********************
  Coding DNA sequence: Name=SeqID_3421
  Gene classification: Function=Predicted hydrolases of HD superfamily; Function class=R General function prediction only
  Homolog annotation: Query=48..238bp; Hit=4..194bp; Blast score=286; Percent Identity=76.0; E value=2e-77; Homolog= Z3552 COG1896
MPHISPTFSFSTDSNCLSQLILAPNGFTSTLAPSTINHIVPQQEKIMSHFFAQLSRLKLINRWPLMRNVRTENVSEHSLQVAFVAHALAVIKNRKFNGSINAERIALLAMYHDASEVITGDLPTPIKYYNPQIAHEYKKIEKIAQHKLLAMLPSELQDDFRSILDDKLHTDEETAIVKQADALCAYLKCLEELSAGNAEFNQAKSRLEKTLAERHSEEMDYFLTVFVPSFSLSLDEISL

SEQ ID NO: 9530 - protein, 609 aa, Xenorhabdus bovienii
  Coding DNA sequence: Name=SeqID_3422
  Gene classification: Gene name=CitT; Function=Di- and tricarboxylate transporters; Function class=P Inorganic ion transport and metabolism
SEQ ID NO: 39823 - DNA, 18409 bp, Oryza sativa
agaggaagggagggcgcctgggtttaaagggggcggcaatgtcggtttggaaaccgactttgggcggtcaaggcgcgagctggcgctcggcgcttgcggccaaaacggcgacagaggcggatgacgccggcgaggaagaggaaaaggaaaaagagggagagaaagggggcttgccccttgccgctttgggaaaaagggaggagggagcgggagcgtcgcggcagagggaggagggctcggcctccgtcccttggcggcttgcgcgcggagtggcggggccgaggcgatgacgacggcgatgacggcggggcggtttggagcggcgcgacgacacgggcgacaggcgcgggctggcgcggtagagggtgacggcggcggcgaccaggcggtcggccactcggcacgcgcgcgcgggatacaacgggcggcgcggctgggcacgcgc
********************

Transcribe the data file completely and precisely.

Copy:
  Coding DNA sequence: Name=SeqID_3421
  Gene classification: Function=Predicted hydrolases of HD superfamily; Function class=R General function prediction only
  Homolog annotation: Query=48..238bp; Hit=4..194bp; Blast score=286; Percent Identity=76.0; E value=2e-77; Homolog= Z3552 COG1896
MPHISPTFSFSTDSNCLSQLILAPNGFTSTLAPSTINHIVPQQEKIMSHFFAQLSRLKLINRWPLMRNVRTENVSEHSLQVAFVAHALAVIKNRKFNGSINAERIALLAMYHDASEVITGDLPTPIKYYNPQIAHEYKKIEKIAQHKLLAMLPSELQDDFRSILDDKLHTDEETAIVKQADALCAYLKCLEELSAGNAEFNQAKSRLEKTLAERHSEEMDYFLTVFVPSFSLSLDEISL

SEQ ID NO: 9530 - protein, 609 aa, Xenorhabdus bovienii
  Coding DNA sequence: Name=SeqID_3422
  Gene classification: Gene name=CitT; Function=Di- and tricarboxylate transporters; Function class=P Inorganic ion transport and metabolism
SEQ ID NO: 39823 - DNA, 18409 bp, Oryza sativa
agaggaagggagggcgcctgggtttaaagggggcggcaatgtcggtttggaaaccgactttgggcggtcaaggcgcgagctggcgctcggcgcttgcggccaaaacggcgacagaggcggatgacgccggcgaggaagaggaaaaggaaaaagagggagagaaagggggcttgccccttgccgctttgggaaaaagggaggagggagcgggagcgtcgcggcagagggaggagggctcggcctccgtcccttggcggcttgcgcgcggagtggcggggccgaggcgatgacgacggcgatgacggcggggcggtttggagcggcgcgacgacacgggcgacaggcgcgggctggcgcggtagagggtgacggcggcggcgaccaggcggtcggccactcggcacgcgcgcgcgggatacaacgggcggcgcggctgggcacgcgc